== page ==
I mean, I know I look good. I am beautiful. Honestly I'm in better shape than most of the students, not just in general but even those I see in the gym. But I wonder how old I read, at least to people younger than me. I turn thirty this year. My skin has been really clear lately, thanks to the excellent acne medication I've been using, but I've begun to worry about the two spots on top of my cheeks that I think are beginning to look sun damaged, or possibly just showing age. I'm afraid my metabolism might slow down at any time.

Only a ridiculous person wants to look twenty forever. But aging is a great fear of mine. So I cling a little bit to things like when I get mistaken for still a college kid. But the truth is, I'm not a kid anymore, and I worry when that's going to catch up with me.

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I do like to make New Years resolutions, despite research suggesting they don't do much good. I prefer to think of it as goal-setting, or as is usual in my case, reevaluating my priorities in which I'm focusing my energy in an effort to reach the things I want.

These are mostly the same as last year, but involve pushing to the next stage of where I am in my important work.

1. Build upon the headway I've made getting my scriptwriting work out there. Keep pitching my scripts. I've made two positive industry relationships so far, which isn't much, and nothing's guaranteed, but it's a start.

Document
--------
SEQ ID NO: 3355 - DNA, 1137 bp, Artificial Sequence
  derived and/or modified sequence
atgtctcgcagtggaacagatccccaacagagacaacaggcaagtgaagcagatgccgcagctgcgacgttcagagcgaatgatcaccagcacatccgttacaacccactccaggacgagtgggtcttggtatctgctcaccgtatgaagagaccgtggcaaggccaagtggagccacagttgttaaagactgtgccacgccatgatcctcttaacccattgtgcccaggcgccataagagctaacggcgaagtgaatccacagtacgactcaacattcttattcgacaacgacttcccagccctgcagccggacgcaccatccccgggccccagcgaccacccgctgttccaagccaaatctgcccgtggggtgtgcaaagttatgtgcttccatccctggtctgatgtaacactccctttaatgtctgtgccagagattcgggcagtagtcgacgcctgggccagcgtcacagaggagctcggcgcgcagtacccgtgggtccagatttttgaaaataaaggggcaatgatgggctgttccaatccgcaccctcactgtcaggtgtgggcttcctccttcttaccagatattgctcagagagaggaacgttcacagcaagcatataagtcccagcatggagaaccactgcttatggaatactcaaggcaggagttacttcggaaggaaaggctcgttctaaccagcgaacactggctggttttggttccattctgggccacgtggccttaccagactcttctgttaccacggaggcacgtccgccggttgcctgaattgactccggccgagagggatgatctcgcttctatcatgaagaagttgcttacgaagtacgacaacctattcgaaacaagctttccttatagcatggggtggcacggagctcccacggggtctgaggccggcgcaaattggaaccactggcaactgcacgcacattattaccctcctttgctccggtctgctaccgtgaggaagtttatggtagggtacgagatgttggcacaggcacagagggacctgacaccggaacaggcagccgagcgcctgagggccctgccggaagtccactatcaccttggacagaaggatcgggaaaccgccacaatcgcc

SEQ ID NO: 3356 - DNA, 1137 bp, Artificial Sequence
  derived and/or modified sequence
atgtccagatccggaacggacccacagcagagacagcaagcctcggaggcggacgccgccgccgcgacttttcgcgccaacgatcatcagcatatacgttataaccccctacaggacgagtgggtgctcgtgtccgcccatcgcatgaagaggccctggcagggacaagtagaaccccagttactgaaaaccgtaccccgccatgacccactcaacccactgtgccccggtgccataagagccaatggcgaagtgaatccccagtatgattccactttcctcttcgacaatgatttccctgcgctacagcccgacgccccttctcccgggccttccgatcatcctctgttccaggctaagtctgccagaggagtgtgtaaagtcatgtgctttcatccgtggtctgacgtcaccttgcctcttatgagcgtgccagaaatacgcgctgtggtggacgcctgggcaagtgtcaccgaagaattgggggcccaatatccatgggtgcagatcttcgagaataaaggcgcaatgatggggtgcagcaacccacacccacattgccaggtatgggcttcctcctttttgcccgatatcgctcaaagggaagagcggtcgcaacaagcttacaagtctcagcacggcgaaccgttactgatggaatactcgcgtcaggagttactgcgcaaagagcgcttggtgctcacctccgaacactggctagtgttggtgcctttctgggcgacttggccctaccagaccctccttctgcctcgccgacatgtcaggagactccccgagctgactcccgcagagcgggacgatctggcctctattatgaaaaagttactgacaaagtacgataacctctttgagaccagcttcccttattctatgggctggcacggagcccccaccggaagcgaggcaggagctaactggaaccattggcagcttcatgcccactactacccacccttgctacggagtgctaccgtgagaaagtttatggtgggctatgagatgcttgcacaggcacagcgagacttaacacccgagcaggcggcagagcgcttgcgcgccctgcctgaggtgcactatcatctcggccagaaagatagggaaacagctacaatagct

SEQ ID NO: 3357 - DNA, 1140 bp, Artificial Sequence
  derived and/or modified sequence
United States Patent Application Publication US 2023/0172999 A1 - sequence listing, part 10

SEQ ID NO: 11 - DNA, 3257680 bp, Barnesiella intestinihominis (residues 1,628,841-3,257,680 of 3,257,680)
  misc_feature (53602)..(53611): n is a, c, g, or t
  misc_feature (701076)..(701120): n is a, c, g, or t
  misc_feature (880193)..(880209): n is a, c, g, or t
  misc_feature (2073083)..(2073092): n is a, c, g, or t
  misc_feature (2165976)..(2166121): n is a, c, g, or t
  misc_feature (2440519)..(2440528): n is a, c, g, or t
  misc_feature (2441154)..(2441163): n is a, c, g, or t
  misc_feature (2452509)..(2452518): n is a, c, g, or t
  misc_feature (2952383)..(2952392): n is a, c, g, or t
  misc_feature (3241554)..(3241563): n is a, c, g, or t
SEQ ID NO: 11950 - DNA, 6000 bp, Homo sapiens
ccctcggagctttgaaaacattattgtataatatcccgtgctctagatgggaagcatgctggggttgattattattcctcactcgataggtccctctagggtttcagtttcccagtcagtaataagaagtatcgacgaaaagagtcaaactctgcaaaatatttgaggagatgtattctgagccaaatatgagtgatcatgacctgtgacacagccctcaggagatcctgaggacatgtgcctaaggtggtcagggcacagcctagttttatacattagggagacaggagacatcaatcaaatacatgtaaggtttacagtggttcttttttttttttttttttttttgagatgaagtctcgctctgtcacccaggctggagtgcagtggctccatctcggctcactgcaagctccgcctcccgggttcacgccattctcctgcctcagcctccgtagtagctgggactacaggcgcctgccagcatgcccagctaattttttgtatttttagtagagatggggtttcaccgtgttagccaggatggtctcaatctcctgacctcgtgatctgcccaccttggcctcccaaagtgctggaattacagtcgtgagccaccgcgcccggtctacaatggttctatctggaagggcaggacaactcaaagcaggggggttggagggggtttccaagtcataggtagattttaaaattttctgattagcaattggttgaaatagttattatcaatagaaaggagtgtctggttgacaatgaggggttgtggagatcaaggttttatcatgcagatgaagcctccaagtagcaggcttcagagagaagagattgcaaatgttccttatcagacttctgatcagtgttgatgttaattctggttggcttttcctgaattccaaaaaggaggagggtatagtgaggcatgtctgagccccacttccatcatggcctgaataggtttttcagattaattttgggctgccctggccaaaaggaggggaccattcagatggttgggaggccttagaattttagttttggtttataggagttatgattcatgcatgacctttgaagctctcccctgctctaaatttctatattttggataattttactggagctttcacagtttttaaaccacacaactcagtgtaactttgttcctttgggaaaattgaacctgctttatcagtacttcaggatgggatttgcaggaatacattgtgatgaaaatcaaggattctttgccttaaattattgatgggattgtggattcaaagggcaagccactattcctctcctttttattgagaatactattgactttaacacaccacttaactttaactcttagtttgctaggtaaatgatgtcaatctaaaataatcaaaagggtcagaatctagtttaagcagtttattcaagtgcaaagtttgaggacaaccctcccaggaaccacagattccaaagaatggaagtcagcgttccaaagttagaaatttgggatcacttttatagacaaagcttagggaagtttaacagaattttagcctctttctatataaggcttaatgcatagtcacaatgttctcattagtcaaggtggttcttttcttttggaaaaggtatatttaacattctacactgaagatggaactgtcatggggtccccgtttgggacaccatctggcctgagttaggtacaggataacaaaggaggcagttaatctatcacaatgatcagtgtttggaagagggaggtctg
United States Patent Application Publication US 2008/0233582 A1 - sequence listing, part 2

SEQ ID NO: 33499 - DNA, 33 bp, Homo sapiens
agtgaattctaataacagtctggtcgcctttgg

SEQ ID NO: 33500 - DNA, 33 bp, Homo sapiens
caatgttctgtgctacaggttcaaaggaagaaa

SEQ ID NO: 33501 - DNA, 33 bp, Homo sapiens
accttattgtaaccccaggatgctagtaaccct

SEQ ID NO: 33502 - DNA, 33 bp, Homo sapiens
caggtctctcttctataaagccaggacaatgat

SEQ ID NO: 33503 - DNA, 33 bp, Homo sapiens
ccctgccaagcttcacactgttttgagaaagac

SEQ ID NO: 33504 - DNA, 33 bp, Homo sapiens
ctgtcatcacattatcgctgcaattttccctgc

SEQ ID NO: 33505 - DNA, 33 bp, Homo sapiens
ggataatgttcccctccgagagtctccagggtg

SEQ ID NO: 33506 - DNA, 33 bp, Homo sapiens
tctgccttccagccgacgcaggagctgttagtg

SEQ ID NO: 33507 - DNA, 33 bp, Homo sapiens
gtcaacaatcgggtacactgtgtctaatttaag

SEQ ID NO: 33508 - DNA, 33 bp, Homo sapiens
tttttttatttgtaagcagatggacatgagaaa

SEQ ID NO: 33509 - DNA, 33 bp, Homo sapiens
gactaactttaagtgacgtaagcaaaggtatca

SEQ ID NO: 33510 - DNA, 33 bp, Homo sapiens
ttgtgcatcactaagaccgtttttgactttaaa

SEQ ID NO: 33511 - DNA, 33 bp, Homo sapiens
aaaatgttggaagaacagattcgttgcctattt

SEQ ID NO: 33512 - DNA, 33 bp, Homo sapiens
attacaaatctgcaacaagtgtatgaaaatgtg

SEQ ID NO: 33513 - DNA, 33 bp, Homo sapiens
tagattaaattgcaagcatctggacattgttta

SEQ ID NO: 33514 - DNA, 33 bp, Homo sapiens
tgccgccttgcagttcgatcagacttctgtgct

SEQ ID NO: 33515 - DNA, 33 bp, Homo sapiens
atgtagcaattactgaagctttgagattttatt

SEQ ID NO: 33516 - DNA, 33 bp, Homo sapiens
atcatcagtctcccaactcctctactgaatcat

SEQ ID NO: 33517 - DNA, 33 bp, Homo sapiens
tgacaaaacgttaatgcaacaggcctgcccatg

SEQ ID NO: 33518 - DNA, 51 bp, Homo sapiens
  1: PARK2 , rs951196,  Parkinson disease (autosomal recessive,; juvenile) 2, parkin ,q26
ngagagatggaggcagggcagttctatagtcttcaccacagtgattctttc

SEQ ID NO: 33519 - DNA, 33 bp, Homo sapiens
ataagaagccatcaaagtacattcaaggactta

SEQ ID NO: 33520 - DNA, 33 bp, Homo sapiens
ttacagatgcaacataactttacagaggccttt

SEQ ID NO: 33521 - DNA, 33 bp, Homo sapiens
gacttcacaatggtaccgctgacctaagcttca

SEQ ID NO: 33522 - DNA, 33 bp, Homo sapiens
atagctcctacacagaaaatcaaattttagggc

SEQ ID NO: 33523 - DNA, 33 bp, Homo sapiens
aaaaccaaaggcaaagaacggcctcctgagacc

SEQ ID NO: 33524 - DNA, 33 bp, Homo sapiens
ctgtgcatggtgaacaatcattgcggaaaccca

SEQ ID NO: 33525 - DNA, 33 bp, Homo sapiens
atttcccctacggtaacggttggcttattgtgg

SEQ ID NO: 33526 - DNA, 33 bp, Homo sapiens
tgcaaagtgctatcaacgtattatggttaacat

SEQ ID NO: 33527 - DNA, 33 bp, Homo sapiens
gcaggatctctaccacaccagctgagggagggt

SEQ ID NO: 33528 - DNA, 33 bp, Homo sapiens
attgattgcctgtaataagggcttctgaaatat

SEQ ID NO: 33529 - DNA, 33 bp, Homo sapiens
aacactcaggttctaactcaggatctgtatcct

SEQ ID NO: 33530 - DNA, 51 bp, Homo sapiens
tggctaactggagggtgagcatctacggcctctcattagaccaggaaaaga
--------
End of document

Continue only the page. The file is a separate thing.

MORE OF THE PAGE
2. Complete two new major writing projects. As with last year, not sure what to focus on, but there are certainly plenty of possibilities.

3. Return to my high level of fitness and tonedness without completely overstressing myself with the work and self-denial.

4. Attempt to get a four-semester class load in the interest of professional improvement.

5. Make some improvement in my mental health issues. They got really bad this year and I can't live like that.

6. Redouble my efforts toward dealing with my inability to focus. I didn't really make much headway this year and it really got me down.

And my three perennials:

7. Maintain my important relationships. Love my family and Bernie the way they deserve. Keep up with my friends and make them feel valued and cared for. Same as always.

8. Keep working on being a kinder person, keeping my temper, and being less judgmental. Always until the day I die.

9. Keep on learning to be hopeful. Always a struggle for me, but so necessary.

And the terrifying bonus one:

10. Act in whatever way I can to resist the oncoming Fascism that looms over America. I truly do believe that this is the extinction burst of a diseased, outdated way of life. But I'm afraid we won't survive it, and we must mitigate the damage if we're to live in the world past it.
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Last year I started a practice where whenever something good happens, I write it down and put it aside to look at on New Years. 2016 was an awful year, and honestly I expect 2017 to be worse, but in the interest of practicing gratitude and not getting bogged down in negativity, it's good to focus on good things too.